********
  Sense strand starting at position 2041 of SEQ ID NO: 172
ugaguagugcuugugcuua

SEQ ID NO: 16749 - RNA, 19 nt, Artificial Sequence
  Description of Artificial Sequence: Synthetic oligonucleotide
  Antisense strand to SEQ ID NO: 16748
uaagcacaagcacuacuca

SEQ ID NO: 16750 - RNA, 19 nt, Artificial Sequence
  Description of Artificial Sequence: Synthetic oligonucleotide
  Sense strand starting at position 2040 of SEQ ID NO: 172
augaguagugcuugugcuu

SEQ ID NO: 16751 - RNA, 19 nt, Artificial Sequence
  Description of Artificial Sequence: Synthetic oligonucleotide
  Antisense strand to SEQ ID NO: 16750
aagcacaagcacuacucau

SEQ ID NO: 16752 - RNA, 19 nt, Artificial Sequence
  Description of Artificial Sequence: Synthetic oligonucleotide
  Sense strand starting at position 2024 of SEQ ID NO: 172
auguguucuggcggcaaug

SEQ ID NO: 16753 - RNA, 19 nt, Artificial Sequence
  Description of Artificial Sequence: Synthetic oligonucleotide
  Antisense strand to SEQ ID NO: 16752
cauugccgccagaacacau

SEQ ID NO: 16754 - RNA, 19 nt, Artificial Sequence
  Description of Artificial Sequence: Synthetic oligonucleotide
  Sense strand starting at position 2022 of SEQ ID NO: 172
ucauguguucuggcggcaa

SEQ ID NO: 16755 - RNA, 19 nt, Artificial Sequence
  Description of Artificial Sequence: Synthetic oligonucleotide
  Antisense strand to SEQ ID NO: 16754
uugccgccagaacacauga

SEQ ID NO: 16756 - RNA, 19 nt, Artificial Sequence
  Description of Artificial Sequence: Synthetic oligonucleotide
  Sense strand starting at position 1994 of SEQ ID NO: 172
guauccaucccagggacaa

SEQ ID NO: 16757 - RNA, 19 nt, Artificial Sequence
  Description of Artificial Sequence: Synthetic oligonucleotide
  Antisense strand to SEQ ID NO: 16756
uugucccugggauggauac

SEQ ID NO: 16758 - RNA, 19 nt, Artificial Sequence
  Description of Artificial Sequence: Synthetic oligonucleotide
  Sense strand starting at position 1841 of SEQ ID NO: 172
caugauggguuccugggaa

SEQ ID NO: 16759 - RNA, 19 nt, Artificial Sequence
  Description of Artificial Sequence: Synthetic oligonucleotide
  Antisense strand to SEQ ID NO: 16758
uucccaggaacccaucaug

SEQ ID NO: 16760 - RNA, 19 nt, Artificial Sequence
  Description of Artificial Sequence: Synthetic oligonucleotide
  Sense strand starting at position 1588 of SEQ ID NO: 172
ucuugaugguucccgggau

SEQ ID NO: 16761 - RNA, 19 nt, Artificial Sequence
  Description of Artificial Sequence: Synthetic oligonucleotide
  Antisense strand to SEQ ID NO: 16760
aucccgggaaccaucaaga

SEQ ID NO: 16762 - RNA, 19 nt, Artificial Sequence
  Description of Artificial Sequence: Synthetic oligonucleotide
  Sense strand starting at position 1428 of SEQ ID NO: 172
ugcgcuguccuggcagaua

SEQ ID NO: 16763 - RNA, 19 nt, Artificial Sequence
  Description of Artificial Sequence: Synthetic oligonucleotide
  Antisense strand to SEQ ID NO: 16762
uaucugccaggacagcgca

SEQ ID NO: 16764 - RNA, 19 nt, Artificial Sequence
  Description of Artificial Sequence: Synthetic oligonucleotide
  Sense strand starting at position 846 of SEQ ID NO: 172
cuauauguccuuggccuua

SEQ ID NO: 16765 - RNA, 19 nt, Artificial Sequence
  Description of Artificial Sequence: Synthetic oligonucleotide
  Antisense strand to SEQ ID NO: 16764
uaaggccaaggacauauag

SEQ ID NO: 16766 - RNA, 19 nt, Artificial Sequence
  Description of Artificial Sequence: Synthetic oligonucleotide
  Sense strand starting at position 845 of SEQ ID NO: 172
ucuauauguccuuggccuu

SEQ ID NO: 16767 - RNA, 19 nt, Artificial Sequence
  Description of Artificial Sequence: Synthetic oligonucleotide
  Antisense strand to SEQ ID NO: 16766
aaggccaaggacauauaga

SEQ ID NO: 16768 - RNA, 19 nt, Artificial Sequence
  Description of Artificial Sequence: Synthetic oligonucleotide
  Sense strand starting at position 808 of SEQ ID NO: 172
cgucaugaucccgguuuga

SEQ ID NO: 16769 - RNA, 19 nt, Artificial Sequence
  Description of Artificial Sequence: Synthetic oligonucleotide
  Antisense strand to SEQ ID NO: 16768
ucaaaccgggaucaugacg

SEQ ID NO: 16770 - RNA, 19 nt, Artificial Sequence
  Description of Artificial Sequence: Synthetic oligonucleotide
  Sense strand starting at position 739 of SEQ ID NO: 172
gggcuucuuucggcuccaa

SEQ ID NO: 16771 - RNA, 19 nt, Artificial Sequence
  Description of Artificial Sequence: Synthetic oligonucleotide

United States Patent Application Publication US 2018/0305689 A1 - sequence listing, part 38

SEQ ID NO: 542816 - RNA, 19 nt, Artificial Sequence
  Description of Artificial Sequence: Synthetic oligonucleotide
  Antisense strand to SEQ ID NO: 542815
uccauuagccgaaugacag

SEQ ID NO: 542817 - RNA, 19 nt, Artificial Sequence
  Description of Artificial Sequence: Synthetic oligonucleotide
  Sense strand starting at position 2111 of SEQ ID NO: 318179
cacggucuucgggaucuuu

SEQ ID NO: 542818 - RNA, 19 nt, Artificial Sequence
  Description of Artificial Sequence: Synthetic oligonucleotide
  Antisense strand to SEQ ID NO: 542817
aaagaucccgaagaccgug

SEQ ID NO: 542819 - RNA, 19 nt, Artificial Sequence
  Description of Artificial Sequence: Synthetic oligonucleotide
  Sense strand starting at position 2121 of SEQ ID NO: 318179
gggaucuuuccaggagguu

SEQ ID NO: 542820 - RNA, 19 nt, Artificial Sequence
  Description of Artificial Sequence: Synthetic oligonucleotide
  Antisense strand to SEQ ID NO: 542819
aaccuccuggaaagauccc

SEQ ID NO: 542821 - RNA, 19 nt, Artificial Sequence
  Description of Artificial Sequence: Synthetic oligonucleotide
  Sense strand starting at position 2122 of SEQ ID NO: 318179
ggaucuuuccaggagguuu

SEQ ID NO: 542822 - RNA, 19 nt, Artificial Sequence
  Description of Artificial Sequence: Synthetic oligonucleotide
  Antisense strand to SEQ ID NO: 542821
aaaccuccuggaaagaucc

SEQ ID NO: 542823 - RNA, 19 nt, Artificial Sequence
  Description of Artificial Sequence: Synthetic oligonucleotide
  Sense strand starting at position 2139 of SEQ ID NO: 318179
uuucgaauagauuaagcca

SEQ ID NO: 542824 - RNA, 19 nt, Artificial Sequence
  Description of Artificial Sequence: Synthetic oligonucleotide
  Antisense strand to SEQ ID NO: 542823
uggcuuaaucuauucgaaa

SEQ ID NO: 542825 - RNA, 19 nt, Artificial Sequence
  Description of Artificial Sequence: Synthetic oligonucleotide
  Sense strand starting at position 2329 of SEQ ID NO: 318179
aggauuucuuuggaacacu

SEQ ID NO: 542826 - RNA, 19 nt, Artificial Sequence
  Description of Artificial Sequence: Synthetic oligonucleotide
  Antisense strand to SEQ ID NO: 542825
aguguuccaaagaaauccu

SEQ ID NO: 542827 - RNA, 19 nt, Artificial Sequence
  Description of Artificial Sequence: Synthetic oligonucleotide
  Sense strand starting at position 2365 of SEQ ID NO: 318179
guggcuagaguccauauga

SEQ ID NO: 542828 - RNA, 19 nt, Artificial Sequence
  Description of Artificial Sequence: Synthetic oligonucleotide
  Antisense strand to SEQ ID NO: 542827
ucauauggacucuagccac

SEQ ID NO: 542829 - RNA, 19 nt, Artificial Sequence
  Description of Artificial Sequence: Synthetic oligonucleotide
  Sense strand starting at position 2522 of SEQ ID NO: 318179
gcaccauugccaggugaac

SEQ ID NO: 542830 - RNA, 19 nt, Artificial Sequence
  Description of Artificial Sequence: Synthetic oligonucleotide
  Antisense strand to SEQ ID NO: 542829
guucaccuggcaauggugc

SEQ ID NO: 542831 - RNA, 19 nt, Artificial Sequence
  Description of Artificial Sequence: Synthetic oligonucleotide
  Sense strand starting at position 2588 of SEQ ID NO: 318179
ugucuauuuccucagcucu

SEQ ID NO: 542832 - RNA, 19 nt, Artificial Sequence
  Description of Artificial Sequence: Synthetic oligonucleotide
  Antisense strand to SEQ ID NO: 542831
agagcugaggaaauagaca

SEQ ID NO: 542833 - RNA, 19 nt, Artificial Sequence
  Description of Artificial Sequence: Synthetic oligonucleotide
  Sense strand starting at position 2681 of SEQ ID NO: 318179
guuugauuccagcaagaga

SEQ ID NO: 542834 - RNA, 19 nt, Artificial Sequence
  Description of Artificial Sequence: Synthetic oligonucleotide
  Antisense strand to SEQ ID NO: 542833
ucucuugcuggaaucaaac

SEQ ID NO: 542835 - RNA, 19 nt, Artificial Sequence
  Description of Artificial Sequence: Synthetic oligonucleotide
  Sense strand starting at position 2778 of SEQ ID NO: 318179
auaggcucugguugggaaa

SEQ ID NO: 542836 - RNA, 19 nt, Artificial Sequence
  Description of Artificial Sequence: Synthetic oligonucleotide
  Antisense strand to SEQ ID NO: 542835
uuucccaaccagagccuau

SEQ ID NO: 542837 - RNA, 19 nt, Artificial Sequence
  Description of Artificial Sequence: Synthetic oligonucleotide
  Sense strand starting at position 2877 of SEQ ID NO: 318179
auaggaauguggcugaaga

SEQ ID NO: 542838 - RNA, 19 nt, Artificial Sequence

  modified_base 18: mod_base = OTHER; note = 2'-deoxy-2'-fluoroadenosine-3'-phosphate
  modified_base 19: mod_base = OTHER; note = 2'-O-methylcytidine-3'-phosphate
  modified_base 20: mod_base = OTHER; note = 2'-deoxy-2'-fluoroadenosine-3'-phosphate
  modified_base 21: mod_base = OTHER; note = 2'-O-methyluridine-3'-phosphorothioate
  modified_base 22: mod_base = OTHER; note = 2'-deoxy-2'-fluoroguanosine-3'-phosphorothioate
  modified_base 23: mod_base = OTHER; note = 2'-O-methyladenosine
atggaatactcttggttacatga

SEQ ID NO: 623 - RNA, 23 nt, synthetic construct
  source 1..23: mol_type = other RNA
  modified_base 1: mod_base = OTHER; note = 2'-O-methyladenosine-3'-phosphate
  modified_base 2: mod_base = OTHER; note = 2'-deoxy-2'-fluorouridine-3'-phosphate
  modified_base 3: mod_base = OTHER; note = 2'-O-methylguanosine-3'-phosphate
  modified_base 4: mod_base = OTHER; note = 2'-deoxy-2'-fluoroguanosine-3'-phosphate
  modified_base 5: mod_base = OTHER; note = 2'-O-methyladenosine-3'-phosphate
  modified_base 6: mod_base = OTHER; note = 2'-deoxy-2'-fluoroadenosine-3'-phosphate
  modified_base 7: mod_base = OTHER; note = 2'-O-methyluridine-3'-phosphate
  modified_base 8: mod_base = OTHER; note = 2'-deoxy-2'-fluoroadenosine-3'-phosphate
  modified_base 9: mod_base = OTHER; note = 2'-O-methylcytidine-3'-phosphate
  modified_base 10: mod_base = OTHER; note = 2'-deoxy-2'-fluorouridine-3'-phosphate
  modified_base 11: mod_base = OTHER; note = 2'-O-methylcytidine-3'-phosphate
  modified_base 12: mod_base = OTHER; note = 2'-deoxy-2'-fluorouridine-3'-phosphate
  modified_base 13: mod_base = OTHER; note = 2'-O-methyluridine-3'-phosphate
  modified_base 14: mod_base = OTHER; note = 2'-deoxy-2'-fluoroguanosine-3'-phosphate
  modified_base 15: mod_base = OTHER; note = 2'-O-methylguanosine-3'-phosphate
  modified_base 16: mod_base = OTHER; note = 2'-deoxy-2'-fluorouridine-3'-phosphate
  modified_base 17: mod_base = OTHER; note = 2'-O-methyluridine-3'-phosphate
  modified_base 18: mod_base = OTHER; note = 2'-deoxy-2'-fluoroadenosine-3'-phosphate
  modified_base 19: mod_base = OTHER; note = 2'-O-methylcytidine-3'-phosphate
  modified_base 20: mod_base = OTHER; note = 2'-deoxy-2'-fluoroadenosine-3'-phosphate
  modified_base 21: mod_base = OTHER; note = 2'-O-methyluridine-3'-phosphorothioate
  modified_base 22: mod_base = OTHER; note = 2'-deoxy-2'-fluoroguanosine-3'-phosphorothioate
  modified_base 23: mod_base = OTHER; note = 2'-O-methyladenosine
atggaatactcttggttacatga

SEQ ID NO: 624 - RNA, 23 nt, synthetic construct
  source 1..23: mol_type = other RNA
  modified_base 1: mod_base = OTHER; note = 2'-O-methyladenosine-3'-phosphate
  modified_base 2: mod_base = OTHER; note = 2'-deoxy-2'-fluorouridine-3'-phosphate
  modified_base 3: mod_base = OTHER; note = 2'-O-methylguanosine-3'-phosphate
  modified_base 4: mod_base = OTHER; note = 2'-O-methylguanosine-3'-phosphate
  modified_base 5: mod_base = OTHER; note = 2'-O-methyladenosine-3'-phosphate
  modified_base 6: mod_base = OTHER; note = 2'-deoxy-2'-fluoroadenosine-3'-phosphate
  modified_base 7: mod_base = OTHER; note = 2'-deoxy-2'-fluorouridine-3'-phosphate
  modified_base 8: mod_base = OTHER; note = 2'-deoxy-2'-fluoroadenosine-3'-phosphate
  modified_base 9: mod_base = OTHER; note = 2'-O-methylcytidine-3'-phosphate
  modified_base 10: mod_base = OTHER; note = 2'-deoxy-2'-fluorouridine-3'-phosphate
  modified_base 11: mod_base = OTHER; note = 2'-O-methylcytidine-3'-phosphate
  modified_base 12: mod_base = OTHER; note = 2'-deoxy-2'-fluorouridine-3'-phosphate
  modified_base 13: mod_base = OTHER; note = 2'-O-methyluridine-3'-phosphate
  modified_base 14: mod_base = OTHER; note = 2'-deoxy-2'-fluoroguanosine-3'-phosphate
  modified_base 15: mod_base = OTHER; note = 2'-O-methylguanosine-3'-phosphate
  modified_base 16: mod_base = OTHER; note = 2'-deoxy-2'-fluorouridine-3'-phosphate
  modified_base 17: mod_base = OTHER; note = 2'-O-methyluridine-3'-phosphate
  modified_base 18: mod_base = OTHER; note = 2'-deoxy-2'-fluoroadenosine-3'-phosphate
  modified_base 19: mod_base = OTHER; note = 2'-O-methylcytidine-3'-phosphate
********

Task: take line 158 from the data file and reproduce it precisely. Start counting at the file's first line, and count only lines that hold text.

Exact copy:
SEQ ID NO: 542832 - RNA, 19 nt, Artificial Sequence